NEW YORK – Renewables yes, nuclear no, that’s the message environmentalists want the Public Service Commission to hear.
The public comment period on a proposed Clean Energy Standard ends on June 6.
Jessica Azulay, program director with the Alliance for a Green Economy, supports only part of the proposal, the part that requires utilities to generate 50 percent of the state’s electricity from renewables by 2030.
“Unfortunately, also tucked into this so-called Clean Energy Standard is a massive consumer subsidy for dirty, dangerous and expensive nuclear power plants,” says Azulay.
The governor says three upstate power plants, FitzPatrick, Ginna and Nine Mile Point, are critical to achieving reductions in carbon dioxide and other harmful emissions called for in the Clean Energy Standard.
But FitzPatrick, which is losing money, is already scheduled to close next year. Azulay says the governor’s plan would force consumers to subsidize the unprofitable nuclear plants.
“We believe that this will cost ratepayers somewhere between $3 billion and $4.5 billion between 2017 and 2030,” says Azulay.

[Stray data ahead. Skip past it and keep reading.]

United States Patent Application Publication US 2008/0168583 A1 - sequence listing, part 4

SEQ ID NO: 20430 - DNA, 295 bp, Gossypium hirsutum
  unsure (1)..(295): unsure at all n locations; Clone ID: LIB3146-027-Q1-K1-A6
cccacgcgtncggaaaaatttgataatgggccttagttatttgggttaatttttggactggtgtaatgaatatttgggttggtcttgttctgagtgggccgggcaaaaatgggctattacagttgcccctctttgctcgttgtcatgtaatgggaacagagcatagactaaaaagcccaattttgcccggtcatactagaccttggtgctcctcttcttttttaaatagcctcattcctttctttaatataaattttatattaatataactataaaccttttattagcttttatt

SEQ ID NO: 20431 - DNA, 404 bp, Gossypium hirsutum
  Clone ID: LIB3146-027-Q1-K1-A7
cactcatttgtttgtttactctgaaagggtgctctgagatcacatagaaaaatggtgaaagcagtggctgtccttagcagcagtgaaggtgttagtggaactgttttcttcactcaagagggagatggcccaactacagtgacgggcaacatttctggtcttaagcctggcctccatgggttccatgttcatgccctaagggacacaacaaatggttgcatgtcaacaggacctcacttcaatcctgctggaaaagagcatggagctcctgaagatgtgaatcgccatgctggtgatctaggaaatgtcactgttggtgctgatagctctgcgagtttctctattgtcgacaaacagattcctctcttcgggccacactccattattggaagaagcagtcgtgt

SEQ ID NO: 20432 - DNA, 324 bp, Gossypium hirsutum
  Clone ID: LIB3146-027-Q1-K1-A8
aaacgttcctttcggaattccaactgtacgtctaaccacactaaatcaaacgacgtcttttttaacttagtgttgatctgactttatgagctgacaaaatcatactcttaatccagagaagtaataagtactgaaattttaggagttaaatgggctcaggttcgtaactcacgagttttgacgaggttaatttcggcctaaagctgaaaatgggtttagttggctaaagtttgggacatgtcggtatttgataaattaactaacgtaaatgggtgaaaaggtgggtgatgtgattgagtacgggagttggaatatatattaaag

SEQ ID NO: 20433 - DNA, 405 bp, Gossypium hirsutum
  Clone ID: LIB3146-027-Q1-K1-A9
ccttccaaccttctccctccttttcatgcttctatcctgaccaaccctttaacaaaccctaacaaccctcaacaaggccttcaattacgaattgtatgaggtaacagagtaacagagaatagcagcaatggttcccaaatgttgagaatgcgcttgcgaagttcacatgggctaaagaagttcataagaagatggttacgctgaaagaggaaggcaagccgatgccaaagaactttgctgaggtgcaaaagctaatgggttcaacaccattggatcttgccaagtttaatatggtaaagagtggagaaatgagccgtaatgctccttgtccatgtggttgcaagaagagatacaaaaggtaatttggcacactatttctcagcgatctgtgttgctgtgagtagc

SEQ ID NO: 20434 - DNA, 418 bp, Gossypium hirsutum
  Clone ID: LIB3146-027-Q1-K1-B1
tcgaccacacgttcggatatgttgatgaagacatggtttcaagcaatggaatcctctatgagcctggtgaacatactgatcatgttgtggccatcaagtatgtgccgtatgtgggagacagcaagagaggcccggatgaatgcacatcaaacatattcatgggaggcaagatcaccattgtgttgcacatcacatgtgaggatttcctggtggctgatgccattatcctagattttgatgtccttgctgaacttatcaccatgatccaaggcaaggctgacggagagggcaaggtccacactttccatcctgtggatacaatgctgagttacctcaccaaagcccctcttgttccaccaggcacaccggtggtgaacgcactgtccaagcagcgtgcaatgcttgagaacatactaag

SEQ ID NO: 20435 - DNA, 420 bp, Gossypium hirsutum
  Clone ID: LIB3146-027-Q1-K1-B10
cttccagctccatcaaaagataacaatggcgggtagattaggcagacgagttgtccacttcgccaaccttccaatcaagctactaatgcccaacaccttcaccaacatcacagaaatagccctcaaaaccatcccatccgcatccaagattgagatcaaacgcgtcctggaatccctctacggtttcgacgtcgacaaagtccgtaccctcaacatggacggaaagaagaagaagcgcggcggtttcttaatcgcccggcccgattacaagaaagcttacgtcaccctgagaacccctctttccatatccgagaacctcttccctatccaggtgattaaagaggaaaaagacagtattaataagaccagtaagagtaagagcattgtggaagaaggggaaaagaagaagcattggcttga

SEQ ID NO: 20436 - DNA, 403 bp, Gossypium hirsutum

According to Azulay, there are safer and more economical ways to meet the goals of the Clean Energy Standard.
“A combination of energy efficiency and renewable energy would be cheaper for consumers than propping up these very dangerous and expensive nuclear reactors,” she says.
Public hearings on the proposed Clean Energy Standard are being held Tuesday in Albany and in Riverhead on Long Island, and in several other cities around the state through the end of the month.
PHOTO: Environmentalists say investing in renewables would save ratepayers money. Photo Credit: Windtech/English Wikipedia.
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